Having a turntable, receiver, pre-amp, and speakers are only just the beginning of owning a vinyl setup. There are many vinyl accessories you can buy for your setup or your records to prolong the life of your system.
Audioquest Carbon Fiber Brush
Records get dust on them from casual storage, and static from a multitude of things from the record spinning on the platter to the fact that vinyl itself just attracts buildups of static. These two variables can be audibly heard when the needle glides over it. This brush can actually solve both of these issues. First, spin the record on the platter and glide the brush on top of the record. This should be done gently with the bristles having slight contact with the record. You can pick it up from $15 here on Amazon.
Pfanstiehl SCK Stylus Cleaner
The records should be clean, but the stylus should also be clean. Now, this will not prolong the life of your needle forever, but it does get rid of dust and dirt buildup, extending it for probably a couple more spins. The stylus cleaner comes with a tiny brush and tiny bottle of fluid. I dip the brush into the fluid and then gently clean the needle and get rid of the dirt buildup. You can buy it from KABusa here for $11.95.
Anti-Static Polyethylene Sleeves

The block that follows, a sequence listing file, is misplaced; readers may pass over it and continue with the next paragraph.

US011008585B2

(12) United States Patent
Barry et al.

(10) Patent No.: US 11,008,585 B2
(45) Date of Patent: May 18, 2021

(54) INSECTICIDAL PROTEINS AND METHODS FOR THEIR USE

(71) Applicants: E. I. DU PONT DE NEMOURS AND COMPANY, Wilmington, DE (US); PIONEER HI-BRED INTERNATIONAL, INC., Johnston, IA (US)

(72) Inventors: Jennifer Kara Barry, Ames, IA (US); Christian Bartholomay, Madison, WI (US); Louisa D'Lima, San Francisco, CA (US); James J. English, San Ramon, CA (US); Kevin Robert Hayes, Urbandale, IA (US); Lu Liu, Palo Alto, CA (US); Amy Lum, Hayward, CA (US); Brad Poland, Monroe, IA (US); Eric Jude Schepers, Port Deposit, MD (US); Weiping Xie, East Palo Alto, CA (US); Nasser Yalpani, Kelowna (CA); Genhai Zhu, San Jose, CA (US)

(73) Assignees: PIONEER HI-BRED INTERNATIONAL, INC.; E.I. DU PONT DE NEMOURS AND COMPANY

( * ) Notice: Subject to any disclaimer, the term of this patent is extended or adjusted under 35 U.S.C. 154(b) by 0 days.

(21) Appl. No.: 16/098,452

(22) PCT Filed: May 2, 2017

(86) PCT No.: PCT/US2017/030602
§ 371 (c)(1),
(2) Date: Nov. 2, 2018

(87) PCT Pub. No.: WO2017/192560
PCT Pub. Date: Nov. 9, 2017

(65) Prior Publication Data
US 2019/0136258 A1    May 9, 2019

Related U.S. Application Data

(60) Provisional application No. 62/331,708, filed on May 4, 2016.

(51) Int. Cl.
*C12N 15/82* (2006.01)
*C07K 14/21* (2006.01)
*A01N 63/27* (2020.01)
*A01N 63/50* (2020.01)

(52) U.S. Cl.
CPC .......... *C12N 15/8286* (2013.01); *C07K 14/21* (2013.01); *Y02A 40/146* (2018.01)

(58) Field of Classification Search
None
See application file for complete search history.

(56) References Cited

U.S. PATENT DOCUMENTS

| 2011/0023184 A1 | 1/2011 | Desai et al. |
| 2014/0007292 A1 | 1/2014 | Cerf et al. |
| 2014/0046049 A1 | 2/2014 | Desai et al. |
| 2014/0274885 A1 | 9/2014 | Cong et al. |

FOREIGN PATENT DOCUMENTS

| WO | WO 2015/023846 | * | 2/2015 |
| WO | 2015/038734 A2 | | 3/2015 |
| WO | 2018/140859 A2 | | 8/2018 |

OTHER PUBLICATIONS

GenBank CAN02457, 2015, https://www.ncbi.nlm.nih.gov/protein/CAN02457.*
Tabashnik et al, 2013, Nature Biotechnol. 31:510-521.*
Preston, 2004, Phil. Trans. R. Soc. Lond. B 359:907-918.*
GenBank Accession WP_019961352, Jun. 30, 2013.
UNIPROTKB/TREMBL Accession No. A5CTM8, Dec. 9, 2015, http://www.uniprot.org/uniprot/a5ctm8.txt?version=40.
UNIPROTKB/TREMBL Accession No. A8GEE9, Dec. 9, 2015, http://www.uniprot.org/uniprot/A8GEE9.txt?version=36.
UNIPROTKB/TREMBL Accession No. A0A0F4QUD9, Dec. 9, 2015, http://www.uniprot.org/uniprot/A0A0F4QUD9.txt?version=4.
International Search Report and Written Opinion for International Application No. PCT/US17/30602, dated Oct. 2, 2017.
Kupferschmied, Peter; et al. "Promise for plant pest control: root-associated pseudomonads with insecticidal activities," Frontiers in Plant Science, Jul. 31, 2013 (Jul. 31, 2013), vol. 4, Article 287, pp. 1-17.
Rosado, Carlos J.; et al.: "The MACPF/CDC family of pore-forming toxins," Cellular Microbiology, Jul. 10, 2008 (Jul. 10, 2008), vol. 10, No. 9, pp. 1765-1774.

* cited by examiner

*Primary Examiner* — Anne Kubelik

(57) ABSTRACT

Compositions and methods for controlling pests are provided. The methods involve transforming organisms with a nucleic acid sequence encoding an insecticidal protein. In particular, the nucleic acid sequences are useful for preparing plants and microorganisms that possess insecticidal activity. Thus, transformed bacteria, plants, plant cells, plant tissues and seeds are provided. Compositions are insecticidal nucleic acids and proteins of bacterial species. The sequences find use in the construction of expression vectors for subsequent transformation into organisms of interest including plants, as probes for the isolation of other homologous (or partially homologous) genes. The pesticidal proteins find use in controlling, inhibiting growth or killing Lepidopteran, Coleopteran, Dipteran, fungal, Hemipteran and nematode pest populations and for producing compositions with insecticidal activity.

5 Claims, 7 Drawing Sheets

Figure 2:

Records generally come in a rice paper sleeve 8/10. These are super cheap and easy to make in bulk. Unfortunately, it is paper and bits and pieces tend to shed onto the records they house over time. PVC sleeves for picture disks are also a huge no-no since they can gas the record up during the hot seasons and really discolor and effect the playback of the record. Anti-static sleeves are a great, but still cheap alternative to these. Many companies make them such as Sleeve City (who create the great Diskeeper 2.0 sleeves) and Mobile Fidelity sleeves that even the U.S. Library of Congress recommends. The sleeves not only remove most, if not all of the static on a record, but it also keeps them safe and easy to access within the record jacket. Diskeeper 2.0 has sleeves here on Amazon, and Mobile Fidelity has them here!
Record Cleaning Machines (RCM)
Now we’re entering the expensive territory. RCM’s come in all shapes and sizes and more importantly, various price points. They can cost anywhere from $80-$1000. There are a lot of options and different types, but for someone on a budget, looking for something sub $200, I like the Squeaky Clean MK III. You need to get a shop vac(I got one from Home Depot for $25), but the MK III is about $120 including shipping. It works really well, has a tiny footprint and is easy to assemble, disassemble. Takes me more than a minute to put it all together. You will need to buy or create your own solutions to clean the vinyl, but more on that another time. The Squeaky Clean MK-III can be bought here.